NCPA - National Center for Policy Analysis


October 27, 2005

By increasing use of generic drugs, consumers, employers and health plans could have saved more than $20 billion in 2004, according to a new report by pharmacy benefit manager Express Scripts.

The report, which analyzed six major classes of drugs, is based on a sample of about three million Express Scripts commercial members.

According to researchers:

  • Some $24 billion in savings will be lost if generic use does not increase this year and $25 billion in savings will be lost if generic use does not increase next year.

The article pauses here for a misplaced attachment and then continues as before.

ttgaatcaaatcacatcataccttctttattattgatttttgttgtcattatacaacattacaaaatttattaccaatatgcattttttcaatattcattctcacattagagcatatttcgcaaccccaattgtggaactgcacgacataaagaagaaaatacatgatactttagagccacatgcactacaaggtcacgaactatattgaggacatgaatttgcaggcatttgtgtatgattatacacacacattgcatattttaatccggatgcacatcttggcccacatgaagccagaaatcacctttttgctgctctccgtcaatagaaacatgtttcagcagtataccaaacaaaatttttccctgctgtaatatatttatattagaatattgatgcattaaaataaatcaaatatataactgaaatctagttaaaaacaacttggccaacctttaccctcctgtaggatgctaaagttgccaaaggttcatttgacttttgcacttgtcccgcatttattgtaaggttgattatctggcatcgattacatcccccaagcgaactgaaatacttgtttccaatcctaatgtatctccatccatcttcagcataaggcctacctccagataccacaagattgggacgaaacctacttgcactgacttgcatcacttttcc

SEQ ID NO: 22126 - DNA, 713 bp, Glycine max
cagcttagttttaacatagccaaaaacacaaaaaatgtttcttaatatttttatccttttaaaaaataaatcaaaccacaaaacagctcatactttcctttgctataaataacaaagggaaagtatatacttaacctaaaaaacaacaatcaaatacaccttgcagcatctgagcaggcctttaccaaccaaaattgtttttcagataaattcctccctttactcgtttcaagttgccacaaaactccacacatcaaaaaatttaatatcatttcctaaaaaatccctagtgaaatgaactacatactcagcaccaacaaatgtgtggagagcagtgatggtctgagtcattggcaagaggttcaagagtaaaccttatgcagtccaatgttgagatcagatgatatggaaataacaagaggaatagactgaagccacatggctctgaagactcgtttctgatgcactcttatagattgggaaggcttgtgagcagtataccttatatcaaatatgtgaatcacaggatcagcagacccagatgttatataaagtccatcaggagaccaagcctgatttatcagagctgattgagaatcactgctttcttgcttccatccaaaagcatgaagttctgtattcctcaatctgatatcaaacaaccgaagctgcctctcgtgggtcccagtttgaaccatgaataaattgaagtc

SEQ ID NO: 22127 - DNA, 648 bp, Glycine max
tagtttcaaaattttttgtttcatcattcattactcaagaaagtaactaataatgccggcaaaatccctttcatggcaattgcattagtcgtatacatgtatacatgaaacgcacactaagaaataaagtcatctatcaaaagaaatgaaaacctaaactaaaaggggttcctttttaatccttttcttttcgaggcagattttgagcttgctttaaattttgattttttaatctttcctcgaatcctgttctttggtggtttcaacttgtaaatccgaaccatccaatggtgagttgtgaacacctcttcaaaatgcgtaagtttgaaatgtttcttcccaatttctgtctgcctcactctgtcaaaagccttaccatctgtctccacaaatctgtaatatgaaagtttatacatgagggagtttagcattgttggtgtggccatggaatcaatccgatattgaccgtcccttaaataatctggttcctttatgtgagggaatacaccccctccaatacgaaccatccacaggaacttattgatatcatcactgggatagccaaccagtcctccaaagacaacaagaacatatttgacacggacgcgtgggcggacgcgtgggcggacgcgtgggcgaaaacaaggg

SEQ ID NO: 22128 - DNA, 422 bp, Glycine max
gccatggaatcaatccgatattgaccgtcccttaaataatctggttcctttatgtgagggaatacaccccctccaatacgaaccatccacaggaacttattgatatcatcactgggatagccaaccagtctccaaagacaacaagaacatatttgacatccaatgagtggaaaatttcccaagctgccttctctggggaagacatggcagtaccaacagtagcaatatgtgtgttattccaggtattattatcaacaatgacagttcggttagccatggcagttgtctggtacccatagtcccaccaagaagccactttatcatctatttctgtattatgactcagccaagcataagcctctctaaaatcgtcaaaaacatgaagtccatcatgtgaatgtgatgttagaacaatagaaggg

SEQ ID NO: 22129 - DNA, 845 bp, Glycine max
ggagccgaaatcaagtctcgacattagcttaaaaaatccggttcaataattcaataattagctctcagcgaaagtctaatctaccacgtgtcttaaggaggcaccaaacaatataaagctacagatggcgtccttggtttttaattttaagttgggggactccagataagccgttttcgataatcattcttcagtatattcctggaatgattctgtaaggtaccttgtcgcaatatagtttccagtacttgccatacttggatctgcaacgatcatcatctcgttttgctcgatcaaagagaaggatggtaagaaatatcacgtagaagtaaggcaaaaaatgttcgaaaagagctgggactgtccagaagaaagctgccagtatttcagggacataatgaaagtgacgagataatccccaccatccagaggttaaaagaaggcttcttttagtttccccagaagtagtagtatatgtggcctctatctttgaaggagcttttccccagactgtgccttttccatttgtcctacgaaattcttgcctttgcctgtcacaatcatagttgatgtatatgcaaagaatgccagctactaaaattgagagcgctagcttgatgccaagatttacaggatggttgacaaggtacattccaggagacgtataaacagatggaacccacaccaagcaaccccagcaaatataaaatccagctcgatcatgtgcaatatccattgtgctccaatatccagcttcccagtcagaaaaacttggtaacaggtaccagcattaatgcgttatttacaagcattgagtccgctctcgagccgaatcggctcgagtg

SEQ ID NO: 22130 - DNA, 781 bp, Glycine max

• Generic drugs cost on average $60 less per monthly prescription than a brand-name drug.
  • Using generic gastrointestinal drugs has the potential for the "most dramatic savings," projected at about $5.4 billion nationally.
  • A generic gastrointestinal drug is appropriate about 95 percent of the time but is dispensed only about 31 percent of the time.

In addition, generic drugs generally have lower copayments, which could result in savings of about $10 per prescription for consumers, say researchers. Indeed, the potential for savings from increased generic drug use will rise, as more brand-name drugs lose patent protection in the next five years.

Source: Theresa Agovino, "Generic Rx: Increased Use Could Have Saved $20B This Year," Associated Press, October 25, 2005.


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